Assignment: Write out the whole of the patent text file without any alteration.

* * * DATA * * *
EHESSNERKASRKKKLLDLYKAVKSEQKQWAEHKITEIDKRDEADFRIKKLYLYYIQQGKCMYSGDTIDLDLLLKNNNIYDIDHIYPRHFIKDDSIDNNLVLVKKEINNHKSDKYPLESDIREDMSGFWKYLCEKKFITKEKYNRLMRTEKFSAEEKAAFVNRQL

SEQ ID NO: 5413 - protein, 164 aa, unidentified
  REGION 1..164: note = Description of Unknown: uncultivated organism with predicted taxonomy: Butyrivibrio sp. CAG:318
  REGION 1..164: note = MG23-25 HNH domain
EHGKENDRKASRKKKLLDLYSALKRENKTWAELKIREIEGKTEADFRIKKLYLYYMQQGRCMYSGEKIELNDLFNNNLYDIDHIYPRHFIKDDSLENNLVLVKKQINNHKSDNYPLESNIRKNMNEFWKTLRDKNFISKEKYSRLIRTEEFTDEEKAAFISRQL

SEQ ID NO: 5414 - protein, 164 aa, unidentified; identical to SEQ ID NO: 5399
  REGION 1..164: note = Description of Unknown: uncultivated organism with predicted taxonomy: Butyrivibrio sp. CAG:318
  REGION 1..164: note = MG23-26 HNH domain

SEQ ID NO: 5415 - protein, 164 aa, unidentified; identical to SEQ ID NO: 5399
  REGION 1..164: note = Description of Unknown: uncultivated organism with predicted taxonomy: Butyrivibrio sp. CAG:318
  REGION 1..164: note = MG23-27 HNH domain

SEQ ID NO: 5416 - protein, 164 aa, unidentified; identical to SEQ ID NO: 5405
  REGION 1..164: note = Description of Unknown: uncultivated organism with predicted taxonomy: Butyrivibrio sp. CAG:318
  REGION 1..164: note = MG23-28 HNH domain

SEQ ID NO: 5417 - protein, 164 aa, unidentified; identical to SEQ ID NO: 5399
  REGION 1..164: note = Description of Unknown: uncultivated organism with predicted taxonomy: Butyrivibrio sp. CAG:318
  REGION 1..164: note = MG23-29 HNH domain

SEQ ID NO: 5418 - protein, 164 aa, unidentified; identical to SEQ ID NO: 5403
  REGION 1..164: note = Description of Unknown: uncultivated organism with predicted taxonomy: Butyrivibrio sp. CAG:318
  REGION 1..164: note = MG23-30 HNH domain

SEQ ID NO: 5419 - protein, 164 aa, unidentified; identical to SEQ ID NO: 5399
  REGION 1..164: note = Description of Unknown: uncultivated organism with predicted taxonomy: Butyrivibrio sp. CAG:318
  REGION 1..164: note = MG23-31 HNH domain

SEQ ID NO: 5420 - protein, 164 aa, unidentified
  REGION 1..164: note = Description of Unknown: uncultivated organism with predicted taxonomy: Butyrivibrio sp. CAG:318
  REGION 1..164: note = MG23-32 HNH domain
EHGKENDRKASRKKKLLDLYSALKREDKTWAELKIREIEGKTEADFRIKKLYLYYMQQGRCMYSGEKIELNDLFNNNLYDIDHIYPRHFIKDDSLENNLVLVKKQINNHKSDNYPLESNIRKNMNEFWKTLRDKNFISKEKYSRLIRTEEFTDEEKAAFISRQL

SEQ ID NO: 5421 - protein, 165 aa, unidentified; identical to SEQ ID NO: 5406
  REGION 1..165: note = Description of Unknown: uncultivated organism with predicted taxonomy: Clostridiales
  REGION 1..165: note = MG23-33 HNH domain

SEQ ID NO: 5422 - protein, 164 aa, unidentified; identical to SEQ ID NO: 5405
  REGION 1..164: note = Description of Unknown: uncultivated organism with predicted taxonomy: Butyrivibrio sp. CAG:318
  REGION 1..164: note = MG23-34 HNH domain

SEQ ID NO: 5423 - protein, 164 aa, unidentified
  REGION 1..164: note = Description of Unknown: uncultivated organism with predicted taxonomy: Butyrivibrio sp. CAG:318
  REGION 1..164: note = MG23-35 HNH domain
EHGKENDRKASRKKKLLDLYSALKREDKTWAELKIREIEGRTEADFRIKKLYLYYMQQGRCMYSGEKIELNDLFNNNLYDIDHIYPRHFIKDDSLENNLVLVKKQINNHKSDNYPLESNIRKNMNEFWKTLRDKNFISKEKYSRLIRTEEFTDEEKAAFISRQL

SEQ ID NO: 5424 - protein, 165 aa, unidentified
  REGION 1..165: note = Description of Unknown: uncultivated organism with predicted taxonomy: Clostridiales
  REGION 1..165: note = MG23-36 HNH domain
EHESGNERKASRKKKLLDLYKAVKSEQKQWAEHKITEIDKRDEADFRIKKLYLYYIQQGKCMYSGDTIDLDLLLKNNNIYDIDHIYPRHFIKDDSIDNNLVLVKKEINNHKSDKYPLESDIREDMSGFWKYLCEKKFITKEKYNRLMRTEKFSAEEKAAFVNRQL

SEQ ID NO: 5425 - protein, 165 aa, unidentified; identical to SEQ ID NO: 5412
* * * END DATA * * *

EHESSNERKASRKKKLLDLYKAVKSEQKQWAEHKITEIDKRDEADFRIKKLYLYYIQQGKCMYSGDTIDLDLLLKNNNIYDIDHIYPRHFIKDDSIDNNLVLVKKEINNHKSDKYPLESDIREDMSGFWKYLCEKKFITKEKYNRLMRTEKFSAEEKAAFVNRQL

SEQ ID NO: 5413 - protein, 164 aa, unidentified
  REGION 1..164: note = Description of Unknown: uncultivated organism with predicted taxonomy: Butyrivibrio sp. CAG:318
  REGION 1..164: note = MG23-25 HNH domain
EHGKENDRKASRKKKLLDLYSALKRENKTWAELKIREIEGKTEADFRIKKLYLYYMQQGRCMYSGEKIELNDLFNNNLYDIDHIYPRHFIKDDSLENNLVLVKKQINNHKSDNYPLESNIRKNMNEFWKTLRDKNFISKEKYSRLIRTEEFTDEEKAAFISRQL

SEQ ID NO: 5414 - protein, 164 aa, unidentified; identical to SEQ ID NO: 5399
  REGION 1..164: note = Description of Unknown: uncultivated organism with predicted taxonomy: Butyrivibrio sp. CAG:318
  REGION 1..164: note = MG23-26 HNH domain

SEQ ID NO: 5415 - protein, 164 aa, unidentified; identical to SEQ ID NO: 5399
  REGION 1..164: note = Description of Unknown: uncultivated organism with predicted taxonomy: Butyrivibrio sp. CAG:318
  REGION 1..164: note = MG23-27 HNH domain

SEQ ID NO: 5416 - protein, 164 aa, unidentified; identical to SEQ ID NO: 5405
  REGION 1..164: note = Description of Unknown: uncultivated organism with predicted taxonomy: Butyrivibrio sp. CAG:318
  REGION 1..164: note = MG23-28 HNH domain

SEQ ID NO: 5417 - protein, 164 aa, unidentified; identical to SEQ ID NO: 5399
  REGION 1..164: note = Description of Unknown: uncultivated organism with predicted taxonomy: Butyrivibrio sp. CAG:318
  REGION 1..164: note = MG23-29 HNH domain

SEQ ID NO: 5418 - protein, 164 aa, unidentified; identical to SEQ ID NO: 5403
  REGION 1..164: note = Description of Unknown: uncultivated organism with predicted taxonomy: Butyrivibrio sp. CAG:318
  REGION 1..164: note = MG23-30 HNH domain

SEQ ID NO: 5419 - protein, 164 aa, unidentified; identical to SEQ ID NO: 5399
  REGION 1..164: note = Description of Unknown: uncultivated organism with predicted taxonomy: Butyrivibrio sp. CAG:318
  REGION 1..164: note = MG23-31 HNH domain

SEQ ID NO: 5420 - protein, 164 aa, unidentified
  REGION 1..164: note = Description of Unknown: uncultivated organism with predicted taxonomy: Butyrivibrio sp. CAG:318
  REGION 1..164: note = MG23-32 HNH domain
EHGKENDRKASRKKKLLDLYSALKREDKTWAELKIREIEGKTEADFRIKKLYLYYMQQGRCMYSGEKIELNDLFNNNLYDIDHIYPRHFIKDDSLENNLVLVKKQINNHKSDNYPLESNIRKNMNEFWKTLRDKNFISKEKYSRLIRTEEFTDEEKAAFISRQL

SEQ ID NO: 5421 - protein, 165 aa, unidentified; identical to SEQ ID NO: 5406
  REGION 1..165: note = Description of Unknown: uncultivated organism with predicted taxonomy: Clostridiales
  REGION 1..165: note = MG23-33 HNH domain

SEQ ID NO: 5422 - protein, 164 aa, unidentified; identical to SEQ ID NO: 5405
  REGION 1..164: note = Description of Unknown: uncultivated organism with predicted taxonomy: Butyrivibrio sp. CAG:318
  REGION 1..164: note = MG23-34 HNH domain

SEQ ID NO: 5423 - protein, 164 aa, unidentified
  REGION 1..164: note = Description of Unknown: uncultivated organism with predicted taxonomy: Butyrivibrio sp. CAG:318
  REGION 1..164: note = MG23-35 HNH domain
EHGKENDRKASRKKKLLDLYSALKREDKTWAELKIREIEGRTEADFRIKKLYLYYMQQGRCMYSGEKIELNDLFNNNLYDIDHIYPRHFIKDDSLENNLVLVKKQINNHKSDNYPLESNIRKNMNEFWKTLRDKNFISKEKYSRLIRTEEFTDEEKAAFISRQL

SEQ ID NO: 5424 - protein, 165 aa, unidentified
  REGION 1..165: note = Description of Unknown: uncultivated organism with predicted taxonomy: Clostridiales
  REGION 1..165: note = MG23-36 HNH domain
EHESGNERKASRKKKLLDLYKAVKSEQKQWAEHKITEIDKRDEADFRIKKLYLYYIQQGKCMYSGDTIDLDLLLKNNNIYDIDHIYPRHFIKDDSIDNNLVLVKKEINNHKSDKYPLESDIREDMSGFWKYLCEKKFITKEKYNRLMRTEKFSAEEKAAFVNRQL

SEQ ID NO: 5425 - protein, 165 aa, unidentified; identical to SEQ ID NO: 5412